• being swallowed alive (Jonah 1:17)
  • the unimaginable experience of surviving in the fish’s stomach for 3 whole days. We can only guess at what that must have done to his body. I would assume that it included ruptured eardrums as the fish dove down into the depths of the ocean. (Jonah 2:3-6)  The motion sickness coupled with the smell of partially digested marine contents probably induced vomiting. Lastly, can you imagine the intense, oppressive darkness and overwhelming claustrophobia? He probably couldn’t breathe due to the intense fear.
  • Did I mention being swallowed alive? Just making sure.

This had me thinking, what in my life am I making more difficult than it has to be? What am I not being obedient in, causing extra hardships that wouldn’t be there if I would just obey?

Another sobering thought is that God didn’t have to save Jonah from those terrors. He very easily could have let Jonah die, several times, and instructed someone else to preach His word. How much disobedience is too much before God decides not to use us as His disciples anymore?

After Jonah prayed a prayer of repentance, God commanded the fish to vomit him up on dry land. (Jonah 2:10) Then our loving Father allowed Jonah a “do-over.” Jonah 3 starts with the Lord again commanding Jonah to go to Nineveh to tell the people their city will be destroyed unless they repent.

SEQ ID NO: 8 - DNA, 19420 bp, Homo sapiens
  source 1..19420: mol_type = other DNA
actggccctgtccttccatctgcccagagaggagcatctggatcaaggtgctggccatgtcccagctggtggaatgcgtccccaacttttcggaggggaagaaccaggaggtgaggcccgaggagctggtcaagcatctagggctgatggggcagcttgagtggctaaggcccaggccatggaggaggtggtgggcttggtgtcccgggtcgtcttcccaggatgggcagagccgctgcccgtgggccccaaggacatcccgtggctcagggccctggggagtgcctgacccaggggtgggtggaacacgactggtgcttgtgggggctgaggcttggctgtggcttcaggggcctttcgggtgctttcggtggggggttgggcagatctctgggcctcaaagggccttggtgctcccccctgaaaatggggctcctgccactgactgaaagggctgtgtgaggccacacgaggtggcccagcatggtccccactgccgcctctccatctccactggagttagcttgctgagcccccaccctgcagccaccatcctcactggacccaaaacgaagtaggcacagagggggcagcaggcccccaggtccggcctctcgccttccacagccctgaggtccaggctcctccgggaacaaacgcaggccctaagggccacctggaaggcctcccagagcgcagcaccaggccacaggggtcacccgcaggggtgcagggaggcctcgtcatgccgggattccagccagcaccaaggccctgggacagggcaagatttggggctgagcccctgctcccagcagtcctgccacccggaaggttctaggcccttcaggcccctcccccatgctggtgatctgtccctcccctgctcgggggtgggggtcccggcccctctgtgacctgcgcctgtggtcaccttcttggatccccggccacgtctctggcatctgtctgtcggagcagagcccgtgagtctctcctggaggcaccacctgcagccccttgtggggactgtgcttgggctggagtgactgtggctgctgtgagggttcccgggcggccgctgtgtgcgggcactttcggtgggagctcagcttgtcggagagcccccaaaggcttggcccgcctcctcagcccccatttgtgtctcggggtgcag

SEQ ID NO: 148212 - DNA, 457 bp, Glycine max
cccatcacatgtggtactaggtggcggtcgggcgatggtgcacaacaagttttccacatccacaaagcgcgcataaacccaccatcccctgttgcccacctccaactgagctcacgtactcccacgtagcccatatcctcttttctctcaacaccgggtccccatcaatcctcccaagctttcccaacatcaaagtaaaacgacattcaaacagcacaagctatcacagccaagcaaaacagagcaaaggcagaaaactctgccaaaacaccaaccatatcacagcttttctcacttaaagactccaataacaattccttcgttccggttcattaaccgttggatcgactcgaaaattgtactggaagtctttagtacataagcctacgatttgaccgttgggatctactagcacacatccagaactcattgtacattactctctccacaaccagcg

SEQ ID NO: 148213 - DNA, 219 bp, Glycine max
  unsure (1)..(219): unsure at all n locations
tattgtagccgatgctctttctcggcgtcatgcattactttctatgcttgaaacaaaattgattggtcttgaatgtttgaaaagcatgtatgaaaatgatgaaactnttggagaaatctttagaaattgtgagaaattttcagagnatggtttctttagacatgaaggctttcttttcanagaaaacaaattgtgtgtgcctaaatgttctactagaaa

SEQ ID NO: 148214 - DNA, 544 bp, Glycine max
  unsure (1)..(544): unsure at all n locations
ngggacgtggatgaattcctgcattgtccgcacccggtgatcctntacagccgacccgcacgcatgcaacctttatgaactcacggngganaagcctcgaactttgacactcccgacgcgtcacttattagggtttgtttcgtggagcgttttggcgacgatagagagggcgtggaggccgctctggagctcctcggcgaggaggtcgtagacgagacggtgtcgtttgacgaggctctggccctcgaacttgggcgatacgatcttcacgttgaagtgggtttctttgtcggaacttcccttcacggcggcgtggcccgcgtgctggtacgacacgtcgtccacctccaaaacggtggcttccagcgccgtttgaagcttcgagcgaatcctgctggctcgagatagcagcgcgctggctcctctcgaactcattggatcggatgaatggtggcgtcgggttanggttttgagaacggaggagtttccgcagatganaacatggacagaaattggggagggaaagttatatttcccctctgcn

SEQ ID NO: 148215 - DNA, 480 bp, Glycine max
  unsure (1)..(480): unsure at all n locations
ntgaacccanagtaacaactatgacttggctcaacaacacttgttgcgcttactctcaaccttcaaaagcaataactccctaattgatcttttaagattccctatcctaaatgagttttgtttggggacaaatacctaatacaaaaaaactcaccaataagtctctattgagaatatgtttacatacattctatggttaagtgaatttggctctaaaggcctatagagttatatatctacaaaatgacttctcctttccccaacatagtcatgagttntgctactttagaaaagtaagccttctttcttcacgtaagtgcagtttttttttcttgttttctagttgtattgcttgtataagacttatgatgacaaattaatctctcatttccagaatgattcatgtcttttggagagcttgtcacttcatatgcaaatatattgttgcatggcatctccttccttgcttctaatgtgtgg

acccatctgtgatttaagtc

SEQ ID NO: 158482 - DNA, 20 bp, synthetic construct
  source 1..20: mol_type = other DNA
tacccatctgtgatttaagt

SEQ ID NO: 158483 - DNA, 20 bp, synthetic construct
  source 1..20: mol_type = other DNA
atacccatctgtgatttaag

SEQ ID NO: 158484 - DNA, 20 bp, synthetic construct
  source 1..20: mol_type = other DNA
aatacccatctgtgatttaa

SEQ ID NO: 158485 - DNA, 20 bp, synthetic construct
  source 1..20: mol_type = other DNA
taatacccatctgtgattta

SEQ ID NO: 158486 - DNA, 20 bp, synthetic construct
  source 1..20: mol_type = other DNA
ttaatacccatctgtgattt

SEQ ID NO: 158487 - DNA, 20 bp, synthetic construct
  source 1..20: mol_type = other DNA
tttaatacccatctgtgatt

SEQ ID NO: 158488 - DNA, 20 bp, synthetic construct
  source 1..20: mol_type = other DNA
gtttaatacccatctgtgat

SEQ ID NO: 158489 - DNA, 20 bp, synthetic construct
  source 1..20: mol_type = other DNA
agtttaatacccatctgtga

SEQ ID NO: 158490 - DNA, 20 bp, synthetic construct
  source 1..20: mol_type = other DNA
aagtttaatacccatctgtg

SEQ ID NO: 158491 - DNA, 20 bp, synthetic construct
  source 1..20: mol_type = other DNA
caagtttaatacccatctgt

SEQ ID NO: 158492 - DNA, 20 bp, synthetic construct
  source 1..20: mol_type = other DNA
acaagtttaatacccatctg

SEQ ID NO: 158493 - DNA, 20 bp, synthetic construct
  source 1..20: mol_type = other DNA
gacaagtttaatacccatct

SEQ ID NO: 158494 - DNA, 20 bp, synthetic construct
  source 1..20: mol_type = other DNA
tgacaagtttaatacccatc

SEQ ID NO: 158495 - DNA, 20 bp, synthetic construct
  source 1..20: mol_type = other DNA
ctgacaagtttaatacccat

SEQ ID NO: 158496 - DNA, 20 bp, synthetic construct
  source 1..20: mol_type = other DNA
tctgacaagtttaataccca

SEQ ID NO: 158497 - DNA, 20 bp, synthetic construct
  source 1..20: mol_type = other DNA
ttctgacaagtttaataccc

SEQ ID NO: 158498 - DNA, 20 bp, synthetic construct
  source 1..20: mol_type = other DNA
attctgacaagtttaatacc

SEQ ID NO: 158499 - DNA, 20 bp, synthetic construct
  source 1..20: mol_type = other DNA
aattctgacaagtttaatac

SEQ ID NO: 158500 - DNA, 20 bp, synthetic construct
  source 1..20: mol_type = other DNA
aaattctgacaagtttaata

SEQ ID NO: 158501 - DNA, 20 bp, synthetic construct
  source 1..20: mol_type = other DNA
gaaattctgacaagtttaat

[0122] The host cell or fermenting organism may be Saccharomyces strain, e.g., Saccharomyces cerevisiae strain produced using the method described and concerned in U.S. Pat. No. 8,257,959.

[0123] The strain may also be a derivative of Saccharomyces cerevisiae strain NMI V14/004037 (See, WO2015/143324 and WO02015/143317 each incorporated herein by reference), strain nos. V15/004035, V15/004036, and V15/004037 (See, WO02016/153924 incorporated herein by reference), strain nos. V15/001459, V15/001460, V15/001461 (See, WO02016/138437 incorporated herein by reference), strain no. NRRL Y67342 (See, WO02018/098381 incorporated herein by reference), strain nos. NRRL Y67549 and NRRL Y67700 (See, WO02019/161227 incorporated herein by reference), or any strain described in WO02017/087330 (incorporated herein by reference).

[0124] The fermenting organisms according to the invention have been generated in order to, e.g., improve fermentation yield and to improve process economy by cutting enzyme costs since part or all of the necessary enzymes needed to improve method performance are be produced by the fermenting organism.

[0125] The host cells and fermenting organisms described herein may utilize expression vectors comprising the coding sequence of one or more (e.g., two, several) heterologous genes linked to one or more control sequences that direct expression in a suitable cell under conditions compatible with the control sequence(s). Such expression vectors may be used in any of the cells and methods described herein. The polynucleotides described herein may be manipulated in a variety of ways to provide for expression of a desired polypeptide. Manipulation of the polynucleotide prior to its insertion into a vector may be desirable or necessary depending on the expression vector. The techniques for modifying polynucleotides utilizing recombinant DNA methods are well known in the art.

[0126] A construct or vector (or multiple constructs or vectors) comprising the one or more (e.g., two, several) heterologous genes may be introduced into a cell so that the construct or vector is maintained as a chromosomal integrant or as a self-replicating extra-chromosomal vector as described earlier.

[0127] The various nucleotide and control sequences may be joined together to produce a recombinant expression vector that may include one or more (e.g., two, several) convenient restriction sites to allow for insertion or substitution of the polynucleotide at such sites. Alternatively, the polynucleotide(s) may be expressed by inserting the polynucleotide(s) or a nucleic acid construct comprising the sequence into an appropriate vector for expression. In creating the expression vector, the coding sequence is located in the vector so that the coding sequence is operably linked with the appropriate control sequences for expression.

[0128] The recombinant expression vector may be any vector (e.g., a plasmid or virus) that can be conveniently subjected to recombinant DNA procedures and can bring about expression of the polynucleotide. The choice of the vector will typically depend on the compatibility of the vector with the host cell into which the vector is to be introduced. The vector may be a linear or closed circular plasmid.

Join with me in confessing sin and disobedience to the Lord.

The Lord is compassionate and gracious, slow to anger, and abounding in lovingkindness.  Psalms 103:8

Let’s make it easier on ourselves and stop fighting Him with our disobedience, while we still have a chance.

About the Writer:
Natalie is a stay at home mom to two young boys. Additionally, she occasionally works as an emergency room nurse and is studying to become a Nurse Practitioner. She and her husband have been called into the medical mission field and are excited to see what the Lord has in store for their lives.

Good News/Bad News – An Obscure Woman Speaks Truth to a powerful Man

 . . . but you will receive power when the Holy Spirit has come upon you; and you shall be My witnesses both in Jerusalem, and in all Judea and Samaria, and even to the remotest part of the earth.  Acts 1:8

As 1978 ended, during one of the worst ice storms in Dallas history, electric power was out all over the city.  Our house was totally without power for a whole week!  That major inconvenience was a great reminder of how important it is to have power!